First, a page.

Leopard’s Leap Culinaria Collection Chenin Blanc Grenache Blanc 2012

June 19, 2013
by Christian
in What I Drank Last Night
with 2 Comments

Goes with mussels.

Goes with mussels.

Leopard’s Leap was launched in 1999 to serve the UK market and volumes now amounts to 320 000 cases a year with it exported to 40 countries. Local sales make up 70 000 cases with 60% of this happening through the off-trade.

How to build a home for a brand that most consumers are quite happy to acquire via their local supermarket was the challenge that faced co-owner Hein Koegelenberg and his answer was a facility in Franschhoek focusing on food and wine. “We’re intent on creating an experience. [Achieving customer loyalty means] we cannot only sell wine.”

Towards reinforcing the Leopard’s Leap relationship with food, a new tier of six wines called the Culinaria Collection, slightly more premium than the rest of the range and available only from the Franschhoek facility.

Méthode Cap Classique Brut
Price: R95
Franschhoek grapes – 55% Chardonnay, 30% Pinot Noir, 15% Pinot Meunier. Neutral on the nose. Citrus on the palate with crisp acidity and a fine, energetic mousse. Not much autolytic character.

Score: 83/100.

Chenin Blanc Grenache Blanc 2012
Price: R65

Paardeberg fruit – 83% Chenin Blanc, 17% Grenache Blanc. Stone fruit and pineapple. Great fruit expression, bright acidity. Smooth textured and appropriately weighty.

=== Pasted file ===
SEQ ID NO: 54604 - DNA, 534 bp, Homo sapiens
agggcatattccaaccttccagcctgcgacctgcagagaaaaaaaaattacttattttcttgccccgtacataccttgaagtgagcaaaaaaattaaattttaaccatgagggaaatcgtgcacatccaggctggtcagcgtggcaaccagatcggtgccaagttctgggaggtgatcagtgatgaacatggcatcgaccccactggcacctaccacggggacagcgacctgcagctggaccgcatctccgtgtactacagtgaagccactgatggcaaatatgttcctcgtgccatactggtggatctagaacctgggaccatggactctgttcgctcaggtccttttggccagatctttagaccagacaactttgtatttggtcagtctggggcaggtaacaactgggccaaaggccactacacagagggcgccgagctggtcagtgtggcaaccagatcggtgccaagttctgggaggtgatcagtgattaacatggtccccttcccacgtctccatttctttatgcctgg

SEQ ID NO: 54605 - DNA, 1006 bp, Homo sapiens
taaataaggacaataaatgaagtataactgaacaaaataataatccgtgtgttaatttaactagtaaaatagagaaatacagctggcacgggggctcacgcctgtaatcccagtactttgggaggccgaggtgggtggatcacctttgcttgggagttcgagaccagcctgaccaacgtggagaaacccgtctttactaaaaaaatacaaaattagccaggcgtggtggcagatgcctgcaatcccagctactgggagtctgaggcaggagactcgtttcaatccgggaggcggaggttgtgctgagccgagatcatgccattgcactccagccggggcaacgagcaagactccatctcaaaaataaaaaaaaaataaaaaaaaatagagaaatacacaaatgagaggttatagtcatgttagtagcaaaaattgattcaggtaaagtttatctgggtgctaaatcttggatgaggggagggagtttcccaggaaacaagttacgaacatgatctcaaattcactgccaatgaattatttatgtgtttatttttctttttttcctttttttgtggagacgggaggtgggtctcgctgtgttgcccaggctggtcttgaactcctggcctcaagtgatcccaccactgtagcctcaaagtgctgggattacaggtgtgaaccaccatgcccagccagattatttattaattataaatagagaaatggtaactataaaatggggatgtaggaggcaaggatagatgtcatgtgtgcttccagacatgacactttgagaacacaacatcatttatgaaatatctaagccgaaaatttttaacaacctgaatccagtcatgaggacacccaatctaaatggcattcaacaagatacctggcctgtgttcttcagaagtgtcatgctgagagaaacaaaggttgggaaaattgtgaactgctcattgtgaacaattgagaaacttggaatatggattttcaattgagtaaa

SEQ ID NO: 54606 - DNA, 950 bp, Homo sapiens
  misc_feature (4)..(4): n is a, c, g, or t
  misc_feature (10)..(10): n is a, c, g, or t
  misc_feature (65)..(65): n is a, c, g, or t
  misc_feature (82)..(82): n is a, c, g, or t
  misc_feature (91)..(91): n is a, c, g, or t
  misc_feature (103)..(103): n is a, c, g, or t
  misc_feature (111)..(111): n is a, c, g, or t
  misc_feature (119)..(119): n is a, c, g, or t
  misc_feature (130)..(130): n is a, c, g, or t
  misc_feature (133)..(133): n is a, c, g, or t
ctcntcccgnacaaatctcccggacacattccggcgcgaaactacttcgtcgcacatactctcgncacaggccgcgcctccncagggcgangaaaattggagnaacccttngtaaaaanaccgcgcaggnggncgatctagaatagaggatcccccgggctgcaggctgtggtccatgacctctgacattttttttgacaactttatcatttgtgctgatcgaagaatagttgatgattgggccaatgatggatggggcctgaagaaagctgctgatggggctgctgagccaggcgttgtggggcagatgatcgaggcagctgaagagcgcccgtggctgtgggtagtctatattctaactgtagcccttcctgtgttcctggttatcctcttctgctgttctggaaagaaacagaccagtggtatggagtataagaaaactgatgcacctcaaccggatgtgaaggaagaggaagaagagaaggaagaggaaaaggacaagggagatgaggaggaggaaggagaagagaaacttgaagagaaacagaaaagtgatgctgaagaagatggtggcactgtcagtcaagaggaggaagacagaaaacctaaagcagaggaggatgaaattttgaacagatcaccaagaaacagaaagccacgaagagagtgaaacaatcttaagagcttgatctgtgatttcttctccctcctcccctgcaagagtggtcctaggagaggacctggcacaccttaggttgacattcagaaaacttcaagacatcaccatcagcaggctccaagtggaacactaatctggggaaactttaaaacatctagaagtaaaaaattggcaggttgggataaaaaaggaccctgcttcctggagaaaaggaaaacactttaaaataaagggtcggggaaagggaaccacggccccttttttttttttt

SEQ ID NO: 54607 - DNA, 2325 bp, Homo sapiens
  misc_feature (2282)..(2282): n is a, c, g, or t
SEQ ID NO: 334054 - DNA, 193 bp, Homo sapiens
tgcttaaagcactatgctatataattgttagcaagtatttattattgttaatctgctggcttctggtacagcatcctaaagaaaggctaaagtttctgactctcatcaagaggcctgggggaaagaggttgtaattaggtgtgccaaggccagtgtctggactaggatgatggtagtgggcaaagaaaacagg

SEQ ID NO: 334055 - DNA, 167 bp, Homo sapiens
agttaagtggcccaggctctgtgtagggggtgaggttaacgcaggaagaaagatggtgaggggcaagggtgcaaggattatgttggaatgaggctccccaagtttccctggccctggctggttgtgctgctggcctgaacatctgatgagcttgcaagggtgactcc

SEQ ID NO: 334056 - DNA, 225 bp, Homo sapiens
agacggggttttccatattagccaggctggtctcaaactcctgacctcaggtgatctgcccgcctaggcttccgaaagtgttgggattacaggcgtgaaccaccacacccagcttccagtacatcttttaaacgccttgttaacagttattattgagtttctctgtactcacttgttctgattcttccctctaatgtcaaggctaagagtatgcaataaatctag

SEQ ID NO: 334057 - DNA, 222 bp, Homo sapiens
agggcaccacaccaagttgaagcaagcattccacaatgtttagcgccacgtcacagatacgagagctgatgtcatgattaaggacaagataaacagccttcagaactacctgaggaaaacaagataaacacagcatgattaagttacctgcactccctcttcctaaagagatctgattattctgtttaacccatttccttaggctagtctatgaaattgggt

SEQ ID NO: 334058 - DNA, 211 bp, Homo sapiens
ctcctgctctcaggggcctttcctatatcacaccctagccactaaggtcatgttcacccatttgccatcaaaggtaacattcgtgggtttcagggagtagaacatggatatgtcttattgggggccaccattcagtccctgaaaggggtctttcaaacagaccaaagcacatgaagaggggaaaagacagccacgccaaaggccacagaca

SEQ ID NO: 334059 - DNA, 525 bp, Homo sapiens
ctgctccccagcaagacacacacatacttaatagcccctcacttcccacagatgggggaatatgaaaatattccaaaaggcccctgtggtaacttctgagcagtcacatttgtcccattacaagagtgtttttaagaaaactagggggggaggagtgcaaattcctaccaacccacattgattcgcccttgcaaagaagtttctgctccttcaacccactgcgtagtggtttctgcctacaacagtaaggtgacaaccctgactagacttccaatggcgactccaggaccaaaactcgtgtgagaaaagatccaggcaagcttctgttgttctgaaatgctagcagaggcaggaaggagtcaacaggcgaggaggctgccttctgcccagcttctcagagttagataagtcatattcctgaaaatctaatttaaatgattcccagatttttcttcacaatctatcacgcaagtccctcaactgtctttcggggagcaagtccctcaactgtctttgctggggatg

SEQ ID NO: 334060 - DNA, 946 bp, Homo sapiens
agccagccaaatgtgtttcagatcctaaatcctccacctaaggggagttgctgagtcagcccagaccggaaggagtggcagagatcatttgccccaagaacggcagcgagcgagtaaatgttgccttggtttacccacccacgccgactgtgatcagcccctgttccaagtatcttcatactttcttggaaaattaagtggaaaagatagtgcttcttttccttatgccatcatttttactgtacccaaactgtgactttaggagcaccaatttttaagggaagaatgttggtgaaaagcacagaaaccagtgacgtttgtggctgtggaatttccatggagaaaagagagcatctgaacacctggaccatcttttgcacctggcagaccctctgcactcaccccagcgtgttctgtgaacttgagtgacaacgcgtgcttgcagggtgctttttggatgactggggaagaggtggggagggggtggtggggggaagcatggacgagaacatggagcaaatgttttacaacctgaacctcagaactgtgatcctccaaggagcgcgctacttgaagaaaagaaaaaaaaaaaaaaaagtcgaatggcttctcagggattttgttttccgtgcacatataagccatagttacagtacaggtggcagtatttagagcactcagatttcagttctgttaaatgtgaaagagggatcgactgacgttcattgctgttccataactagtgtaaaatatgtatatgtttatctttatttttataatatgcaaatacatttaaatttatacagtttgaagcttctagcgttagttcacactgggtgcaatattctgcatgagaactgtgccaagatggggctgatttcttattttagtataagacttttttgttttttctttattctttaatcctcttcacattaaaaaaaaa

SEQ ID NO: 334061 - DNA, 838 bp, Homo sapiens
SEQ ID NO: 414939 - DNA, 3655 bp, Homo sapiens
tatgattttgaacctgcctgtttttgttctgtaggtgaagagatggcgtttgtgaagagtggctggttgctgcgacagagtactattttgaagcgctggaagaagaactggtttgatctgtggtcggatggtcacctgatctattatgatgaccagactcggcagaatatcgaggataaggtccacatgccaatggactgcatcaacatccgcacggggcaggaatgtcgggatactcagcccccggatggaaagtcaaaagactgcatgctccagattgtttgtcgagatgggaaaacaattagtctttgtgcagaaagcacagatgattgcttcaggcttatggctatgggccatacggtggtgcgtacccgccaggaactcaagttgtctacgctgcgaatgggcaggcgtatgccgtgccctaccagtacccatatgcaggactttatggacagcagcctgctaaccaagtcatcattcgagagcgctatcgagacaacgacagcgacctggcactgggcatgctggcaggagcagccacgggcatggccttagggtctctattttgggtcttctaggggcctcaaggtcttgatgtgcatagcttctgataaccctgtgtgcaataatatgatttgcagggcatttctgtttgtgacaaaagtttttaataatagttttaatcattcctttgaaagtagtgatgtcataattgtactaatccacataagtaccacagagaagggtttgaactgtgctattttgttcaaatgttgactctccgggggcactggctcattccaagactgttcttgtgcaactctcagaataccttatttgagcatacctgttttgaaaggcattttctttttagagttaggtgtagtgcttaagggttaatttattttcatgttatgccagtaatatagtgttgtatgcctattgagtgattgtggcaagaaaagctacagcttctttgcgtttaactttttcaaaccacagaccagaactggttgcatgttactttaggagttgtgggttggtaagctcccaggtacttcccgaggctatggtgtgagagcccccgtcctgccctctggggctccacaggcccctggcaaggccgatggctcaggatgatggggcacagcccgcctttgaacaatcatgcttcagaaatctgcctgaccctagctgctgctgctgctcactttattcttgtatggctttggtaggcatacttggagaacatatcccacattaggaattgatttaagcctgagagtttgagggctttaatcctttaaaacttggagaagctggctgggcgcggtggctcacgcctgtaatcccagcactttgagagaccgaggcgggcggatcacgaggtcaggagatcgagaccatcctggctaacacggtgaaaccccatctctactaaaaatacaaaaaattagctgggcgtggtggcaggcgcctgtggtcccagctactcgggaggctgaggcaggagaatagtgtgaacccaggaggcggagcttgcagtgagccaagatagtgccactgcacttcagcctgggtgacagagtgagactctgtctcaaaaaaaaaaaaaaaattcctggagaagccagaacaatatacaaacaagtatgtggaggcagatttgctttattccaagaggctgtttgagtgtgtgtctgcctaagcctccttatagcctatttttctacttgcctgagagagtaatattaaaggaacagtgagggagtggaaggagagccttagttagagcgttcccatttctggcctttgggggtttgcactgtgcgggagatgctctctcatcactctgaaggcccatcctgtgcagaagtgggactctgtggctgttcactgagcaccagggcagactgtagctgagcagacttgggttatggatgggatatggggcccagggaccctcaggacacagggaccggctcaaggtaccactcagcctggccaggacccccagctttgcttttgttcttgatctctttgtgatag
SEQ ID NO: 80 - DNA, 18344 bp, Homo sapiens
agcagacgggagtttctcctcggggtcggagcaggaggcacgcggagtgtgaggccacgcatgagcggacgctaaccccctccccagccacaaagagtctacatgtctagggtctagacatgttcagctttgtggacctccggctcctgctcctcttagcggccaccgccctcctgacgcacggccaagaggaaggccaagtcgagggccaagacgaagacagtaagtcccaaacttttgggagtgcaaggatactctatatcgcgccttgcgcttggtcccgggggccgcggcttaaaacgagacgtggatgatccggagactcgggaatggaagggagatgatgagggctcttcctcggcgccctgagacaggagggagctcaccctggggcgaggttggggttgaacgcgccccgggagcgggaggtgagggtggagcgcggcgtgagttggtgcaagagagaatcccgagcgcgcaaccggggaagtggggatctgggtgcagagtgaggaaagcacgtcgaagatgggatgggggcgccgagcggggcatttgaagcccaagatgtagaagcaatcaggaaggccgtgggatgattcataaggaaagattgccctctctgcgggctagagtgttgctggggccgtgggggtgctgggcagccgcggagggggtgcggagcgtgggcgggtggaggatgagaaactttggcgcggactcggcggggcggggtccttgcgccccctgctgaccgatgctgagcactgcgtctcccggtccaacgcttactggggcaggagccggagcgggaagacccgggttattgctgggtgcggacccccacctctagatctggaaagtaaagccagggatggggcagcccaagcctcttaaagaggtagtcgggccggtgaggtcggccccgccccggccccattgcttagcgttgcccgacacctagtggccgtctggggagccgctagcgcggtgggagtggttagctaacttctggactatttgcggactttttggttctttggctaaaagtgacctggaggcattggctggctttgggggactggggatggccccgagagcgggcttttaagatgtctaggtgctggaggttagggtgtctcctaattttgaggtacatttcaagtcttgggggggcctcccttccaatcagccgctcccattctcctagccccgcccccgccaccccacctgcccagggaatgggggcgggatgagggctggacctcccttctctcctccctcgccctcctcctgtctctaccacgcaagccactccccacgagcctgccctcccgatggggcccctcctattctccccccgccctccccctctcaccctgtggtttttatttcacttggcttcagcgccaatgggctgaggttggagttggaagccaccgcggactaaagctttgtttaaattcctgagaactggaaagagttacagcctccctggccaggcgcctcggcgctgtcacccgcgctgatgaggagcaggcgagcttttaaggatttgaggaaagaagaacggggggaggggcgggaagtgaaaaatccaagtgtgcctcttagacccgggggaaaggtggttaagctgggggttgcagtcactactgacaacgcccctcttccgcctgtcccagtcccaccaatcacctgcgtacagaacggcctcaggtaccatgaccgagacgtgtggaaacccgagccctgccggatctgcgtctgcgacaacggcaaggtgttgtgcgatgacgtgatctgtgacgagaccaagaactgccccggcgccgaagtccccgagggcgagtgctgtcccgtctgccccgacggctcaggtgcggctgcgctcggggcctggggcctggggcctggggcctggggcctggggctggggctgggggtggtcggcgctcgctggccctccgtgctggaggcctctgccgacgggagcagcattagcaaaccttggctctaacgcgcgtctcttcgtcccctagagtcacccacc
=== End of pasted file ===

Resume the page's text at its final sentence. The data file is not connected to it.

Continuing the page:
Score: 86/100.

Pinot Noir Chardonnay 2012
Price: R69

Elgin fruit – 60% Pinot Noir, 40% Chardonnay. Strawberry on entry, lemon finish. Not insignificant body, moderate acidity and a dry finish. Well put together but entirely derivative.

Score: 82/100.

Shiraz Grenache 2010
Price: R89

63% Shiraz, 27% Grenache (from Bot River) and 10% Cinsaut (from  Paardeberg). Ripe red and black berries – still very primary with clean, pure fruit, bright acidity but no real tannic grip.

Score: 83/100.

Grand Vin 2010
Price: R89

Stellenbosch fruit – 43% Merlot, 24% Cabernet Sauvignon, 21% Cabernet Franc and 12% Petit Verdot. Red and black fruit but not too facile thanks to a savoury edge. Medium bodied with moderate acidity and soft but not slippery tannins.

Score: 85/100.

Muscat de Frontignan Natural Sweet 2013
Price: R 69

Robertson fruit. Subtle nose showing strawberry and rose petal notes. Pure fruit and bright acidity – very pretty.

Score: 86/100.

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  1. JamesJune 19, 2013 at 10:10 amReply

    Hi Christian, I’d be interested to hear whether you thought these wines were more food-friendly than other South African wines made in the same style.

    • ChristianJune 19, 2013 at 4:09 pmReplyAuthor

      Hi, James. My feeling is that the Leopard’s Leap brains trust deserve a compliment for coming up with a collection of wines which are generally pretty sound if not life-altering – more savoury than sweet, not too high in alcohol, not too extracted, not too heavily oaked. Some top Franschhoek chefs working on the related food matches so, all in all, a project worth keeping an eye on.

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